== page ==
They came from outer space--and you can have one! Genuine meteorites are now on sale in the Space Weather Store.
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SOLAR VARIABILITY AND TERRESTRIAL CLIMATE: A new report issued by the National Research Council, "The Effects of Solar Variability on Earth's Climate," lays out some of the surprisingly complex ways that solar activity can make itself felt on our planet. Get the full story from Science@NASA.
ACTIVE SUNSPOT: Big sunspot AR1654 is crackling with C- and M-class solar flares, and it poses a threat for even stronger eruptions. NOAA forecasters estimate a 5% chance of X-flares today. Solar flare alerts: text, voice.
Flares are illuminating the sunspot's magnetic canopy like flash bulbs at a rock concert; the phenomenon is evident in this 37-hour extreme ultraviolet movie from NASA's Solar Dynamics Observatory:
Since it first appeared four days ago, sunspot AR1654 has been facing away from Earth. But now it is turning toward us, increasing the "geo-effectiveness" of its explosions. This could be the sunspot that breaks the recent lengthy spell of calm space weather around our planet.
Amateur astronomers with backyard solar telescopes are encouraged to monitor in the days ahead. It is not only crackling, but also growing. As of Jan 12th, the behemoth stretches more than 180,000 km (14 Earth diameters) from end to end. Dennis Simmons sends this picture of the behemoth from Brisbane, Australia:
"Although the air was milky from nearby bush fires burning north of Brisbane, the seeing turned out to be good enough for a high-resolution shot," says Simmons. "I dedicate this image to the brave Australian fire fighters, working in horrendous, hot and windy conditions whilst fighting fires burning out of control across the south-east states of our country. I salute your selfless courage."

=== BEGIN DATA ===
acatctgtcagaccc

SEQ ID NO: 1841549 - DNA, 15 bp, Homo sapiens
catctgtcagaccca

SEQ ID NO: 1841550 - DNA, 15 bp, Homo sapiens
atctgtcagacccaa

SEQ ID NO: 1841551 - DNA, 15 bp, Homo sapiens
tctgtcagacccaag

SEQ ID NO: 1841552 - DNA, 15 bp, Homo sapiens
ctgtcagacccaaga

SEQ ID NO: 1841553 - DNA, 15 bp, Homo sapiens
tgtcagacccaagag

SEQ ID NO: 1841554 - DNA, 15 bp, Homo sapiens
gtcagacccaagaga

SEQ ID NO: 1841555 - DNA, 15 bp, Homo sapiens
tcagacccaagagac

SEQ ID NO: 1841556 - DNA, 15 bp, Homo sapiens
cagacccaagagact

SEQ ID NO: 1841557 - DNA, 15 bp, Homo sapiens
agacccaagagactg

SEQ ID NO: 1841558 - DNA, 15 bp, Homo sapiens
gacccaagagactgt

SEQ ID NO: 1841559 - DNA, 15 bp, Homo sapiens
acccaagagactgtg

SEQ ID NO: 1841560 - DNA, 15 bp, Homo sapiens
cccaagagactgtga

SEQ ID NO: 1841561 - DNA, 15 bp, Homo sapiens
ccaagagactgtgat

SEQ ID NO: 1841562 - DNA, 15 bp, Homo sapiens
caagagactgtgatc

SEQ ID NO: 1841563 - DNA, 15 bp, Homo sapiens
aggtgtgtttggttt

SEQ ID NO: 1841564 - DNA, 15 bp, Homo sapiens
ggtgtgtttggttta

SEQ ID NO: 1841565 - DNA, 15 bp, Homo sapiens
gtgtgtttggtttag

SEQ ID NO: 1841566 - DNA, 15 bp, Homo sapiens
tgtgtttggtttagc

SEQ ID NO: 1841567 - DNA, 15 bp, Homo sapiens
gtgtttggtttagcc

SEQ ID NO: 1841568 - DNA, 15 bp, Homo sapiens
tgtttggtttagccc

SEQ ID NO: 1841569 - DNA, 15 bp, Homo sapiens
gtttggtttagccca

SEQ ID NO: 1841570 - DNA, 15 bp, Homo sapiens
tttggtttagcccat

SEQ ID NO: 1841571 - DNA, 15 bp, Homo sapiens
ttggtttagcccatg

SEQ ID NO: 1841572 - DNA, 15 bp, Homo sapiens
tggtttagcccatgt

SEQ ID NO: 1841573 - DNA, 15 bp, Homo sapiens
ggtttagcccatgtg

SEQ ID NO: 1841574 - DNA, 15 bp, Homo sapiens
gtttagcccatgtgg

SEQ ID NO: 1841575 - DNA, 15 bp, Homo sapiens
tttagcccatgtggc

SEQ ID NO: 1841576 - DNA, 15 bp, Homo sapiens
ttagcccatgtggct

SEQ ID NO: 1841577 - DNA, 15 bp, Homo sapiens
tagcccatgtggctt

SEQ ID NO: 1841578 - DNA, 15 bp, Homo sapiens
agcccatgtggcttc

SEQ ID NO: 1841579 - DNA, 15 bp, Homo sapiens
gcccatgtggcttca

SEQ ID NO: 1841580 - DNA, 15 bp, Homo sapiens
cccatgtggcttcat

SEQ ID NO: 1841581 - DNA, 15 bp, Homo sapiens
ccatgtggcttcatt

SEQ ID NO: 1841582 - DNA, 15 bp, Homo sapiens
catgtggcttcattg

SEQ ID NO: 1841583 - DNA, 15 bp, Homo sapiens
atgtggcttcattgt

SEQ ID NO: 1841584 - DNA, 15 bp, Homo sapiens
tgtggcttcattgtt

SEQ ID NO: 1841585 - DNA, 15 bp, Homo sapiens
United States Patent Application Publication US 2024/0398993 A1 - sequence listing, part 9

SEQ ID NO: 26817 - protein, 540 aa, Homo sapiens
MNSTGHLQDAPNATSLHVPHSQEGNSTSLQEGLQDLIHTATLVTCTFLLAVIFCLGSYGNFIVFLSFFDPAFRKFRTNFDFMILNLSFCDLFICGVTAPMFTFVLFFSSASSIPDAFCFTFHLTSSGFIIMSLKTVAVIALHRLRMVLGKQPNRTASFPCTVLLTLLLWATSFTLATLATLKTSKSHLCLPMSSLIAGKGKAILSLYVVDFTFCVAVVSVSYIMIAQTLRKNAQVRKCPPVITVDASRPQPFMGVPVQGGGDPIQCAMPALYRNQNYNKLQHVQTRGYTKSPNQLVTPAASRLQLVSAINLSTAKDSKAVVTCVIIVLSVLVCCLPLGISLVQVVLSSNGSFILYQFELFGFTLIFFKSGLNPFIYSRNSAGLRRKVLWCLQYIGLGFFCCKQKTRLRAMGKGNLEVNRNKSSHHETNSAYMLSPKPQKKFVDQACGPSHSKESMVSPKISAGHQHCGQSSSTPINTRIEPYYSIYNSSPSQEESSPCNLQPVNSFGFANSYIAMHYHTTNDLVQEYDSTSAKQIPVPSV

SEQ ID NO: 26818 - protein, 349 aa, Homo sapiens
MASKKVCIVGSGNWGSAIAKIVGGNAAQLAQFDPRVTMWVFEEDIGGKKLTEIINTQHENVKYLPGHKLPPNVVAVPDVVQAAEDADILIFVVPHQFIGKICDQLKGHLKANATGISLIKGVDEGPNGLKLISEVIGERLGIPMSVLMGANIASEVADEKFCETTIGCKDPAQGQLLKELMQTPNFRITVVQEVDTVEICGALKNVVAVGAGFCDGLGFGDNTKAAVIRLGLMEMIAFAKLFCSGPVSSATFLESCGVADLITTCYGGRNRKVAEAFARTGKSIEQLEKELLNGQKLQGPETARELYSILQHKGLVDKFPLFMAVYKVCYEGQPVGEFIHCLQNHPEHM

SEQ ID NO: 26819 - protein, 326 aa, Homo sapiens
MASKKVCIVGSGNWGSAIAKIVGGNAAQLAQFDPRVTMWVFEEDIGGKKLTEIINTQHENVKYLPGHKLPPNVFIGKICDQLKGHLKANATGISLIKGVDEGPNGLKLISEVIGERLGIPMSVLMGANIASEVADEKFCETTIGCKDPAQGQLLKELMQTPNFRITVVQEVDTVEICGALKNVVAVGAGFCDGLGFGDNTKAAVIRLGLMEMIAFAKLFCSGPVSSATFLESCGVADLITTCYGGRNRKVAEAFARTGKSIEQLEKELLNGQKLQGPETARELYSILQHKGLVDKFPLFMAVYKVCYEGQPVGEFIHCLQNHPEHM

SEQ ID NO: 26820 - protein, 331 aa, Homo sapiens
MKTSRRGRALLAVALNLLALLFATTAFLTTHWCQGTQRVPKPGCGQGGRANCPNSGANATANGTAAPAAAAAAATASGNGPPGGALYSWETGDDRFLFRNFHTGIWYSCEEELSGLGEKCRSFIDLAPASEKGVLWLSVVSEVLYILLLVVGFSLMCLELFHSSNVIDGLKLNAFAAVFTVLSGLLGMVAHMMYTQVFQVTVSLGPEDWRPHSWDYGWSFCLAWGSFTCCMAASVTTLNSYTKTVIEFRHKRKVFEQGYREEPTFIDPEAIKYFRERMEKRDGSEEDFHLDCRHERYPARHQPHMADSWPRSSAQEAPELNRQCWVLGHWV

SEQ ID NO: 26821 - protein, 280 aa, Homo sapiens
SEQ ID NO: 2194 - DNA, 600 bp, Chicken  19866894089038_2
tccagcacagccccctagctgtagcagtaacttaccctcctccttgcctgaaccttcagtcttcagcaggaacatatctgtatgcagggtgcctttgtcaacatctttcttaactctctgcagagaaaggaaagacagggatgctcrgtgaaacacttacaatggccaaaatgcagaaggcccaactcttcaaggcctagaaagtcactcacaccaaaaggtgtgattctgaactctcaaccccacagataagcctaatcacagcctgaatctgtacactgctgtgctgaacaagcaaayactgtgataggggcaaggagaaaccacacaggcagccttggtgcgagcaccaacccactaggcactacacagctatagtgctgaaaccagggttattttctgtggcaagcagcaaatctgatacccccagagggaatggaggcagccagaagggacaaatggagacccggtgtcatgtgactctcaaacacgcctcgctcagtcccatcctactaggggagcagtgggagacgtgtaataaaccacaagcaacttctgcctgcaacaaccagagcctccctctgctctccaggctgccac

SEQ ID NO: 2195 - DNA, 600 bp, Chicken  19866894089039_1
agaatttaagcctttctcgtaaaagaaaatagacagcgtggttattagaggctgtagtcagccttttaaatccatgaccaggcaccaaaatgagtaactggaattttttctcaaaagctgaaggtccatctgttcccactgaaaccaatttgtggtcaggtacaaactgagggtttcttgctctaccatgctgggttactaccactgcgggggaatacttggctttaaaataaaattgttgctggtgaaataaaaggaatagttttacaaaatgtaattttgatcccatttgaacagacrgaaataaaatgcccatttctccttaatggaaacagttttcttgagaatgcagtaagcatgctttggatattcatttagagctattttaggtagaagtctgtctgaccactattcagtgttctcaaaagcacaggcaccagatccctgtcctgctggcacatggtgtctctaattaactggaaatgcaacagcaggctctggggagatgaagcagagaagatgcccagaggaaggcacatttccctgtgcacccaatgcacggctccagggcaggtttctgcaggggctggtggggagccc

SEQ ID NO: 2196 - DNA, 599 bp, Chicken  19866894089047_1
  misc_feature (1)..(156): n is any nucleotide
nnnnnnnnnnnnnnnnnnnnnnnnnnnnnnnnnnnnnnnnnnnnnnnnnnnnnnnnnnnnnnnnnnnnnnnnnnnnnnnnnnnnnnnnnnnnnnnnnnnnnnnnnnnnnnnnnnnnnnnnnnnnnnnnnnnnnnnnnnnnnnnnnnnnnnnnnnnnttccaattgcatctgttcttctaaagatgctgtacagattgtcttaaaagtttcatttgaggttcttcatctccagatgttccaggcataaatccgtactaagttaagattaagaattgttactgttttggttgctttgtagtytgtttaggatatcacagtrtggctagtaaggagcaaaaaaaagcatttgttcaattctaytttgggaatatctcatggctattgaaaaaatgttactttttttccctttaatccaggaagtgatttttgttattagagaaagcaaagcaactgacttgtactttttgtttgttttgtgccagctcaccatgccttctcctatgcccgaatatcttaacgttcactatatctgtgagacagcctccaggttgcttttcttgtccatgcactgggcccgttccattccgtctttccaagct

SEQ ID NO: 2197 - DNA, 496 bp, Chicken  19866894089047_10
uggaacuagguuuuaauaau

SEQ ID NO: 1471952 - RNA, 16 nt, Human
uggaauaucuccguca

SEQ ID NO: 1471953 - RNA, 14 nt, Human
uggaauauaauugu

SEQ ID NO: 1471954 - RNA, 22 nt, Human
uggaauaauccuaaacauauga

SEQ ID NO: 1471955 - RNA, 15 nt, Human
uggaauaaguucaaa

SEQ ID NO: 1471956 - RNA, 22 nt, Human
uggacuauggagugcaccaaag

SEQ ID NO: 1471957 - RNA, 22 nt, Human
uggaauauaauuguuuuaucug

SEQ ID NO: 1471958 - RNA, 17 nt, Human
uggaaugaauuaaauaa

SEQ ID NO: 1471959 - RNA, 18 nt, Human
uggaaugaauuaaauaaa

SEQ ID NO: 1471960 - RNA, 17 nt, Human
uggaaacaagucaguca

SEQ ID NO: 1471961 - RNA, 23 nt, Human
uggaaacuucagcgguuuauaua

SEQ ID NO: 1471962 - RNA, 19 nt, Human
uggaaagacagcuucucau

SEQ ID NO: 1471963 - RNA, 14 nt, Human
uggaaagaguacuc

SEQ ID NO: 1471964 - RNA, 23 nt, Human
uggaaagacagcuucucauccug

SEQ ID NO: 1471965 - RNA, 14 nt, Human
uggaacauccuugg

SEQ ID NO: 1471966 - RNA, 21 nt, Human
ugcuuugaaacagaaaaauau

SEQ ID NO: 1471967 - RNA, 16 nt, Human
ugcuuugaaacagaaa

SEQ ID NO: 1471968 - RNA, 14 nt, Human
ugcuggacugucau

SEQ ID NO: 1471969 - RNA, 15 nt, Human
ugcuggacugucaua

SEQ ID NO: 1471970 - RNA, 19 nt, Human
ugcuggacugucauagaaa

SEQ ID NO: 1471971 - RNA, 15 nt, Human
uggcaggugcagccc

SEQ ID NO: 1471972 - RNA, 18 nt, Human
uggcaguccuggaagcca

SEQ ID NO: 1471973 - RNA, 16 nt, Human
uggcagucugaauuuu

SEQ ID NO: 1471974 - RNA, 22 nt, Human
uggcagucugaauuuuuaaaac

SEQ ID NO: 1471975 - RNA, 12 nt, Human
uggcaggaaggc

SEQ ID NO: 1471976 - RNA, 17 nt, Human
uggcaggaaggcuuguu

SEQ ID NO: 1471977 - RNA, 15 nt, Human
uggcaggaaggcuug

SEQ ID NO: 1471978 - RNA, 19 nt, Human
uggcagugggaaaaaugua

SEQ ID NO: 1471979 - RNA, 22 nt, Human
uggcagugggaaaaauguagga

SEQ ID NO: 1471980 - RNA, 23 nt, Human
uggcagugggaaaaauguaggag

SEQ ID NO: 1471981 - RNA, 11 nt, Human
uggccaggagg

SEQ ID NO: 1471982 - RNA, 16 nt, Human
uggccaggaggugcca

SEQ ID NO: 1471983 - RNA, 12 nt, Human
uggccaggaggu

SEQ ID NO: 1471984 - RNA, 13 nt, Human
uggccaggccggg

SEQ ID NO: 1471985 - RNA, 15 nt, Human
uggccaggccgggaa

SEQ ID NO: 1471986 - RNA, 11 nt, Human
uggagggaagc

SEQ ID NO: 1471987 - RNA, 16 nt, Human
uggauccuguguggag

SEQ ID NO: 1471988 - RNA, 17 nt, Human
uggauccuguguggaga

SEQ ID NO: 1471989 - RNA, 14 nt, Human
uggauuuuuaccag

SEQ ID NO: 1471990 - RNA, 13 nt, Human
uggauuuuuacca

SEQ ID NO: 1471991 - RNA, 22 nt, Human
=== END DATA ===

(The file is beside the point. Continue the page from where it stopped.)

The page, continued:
Realtime Space Weather Photo Gallery
COMET ISON APPROACHES: Later this year, Comet ISON could put on an unforgettable display as it plunges toward the sun for a fiery encounter likely to turn the "dirty snowball" into a naked-eye object in broad daylight. At the moment, however, it doesn't look like much. John Chumack sends this picture, taken Jan. 8th, from his private observatory in Yellow Springs, Ohio:
"Comet ISON (C/2012 S1) is currently in the constellation Gemini, moving between the heads of the twins Castor and Pollux," says Chumack. "It is still pretty faint, near 16th magnitude, but don't be fooled by that. This could become one of the best comets in many years."
Comet ISON is a sungrazer. On Nov. 28, 2013, it will fly through the sun's outer atmosphere only 1.2 million km from the stellar surface below. If the comet survives the encounter, it could emerge glowing as brightly as the Moon, visible near the sun in the blue daylight sky. The comet's dusty tail stretching into the night would create a worldwide sensation.
Comet ISON looks so puny now because it is so far away, currently near the orbit of Jupiter. As it falls toward the sun in the months ahead it will warm up and reveal more about its true character. By the summer of 2013, researchers should know whether optimistic predictions about Comet ISON are justified. Possibilities range from "Comet of the Century" to disintegrated dud. Stay tuned!
Realtime Comet Photo Gallery
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Realtime Noctilucent Cloud Photo Gallery
[previous years: 2003, 2004, 2005, 2006, 2007, 2008, 2009, 2011]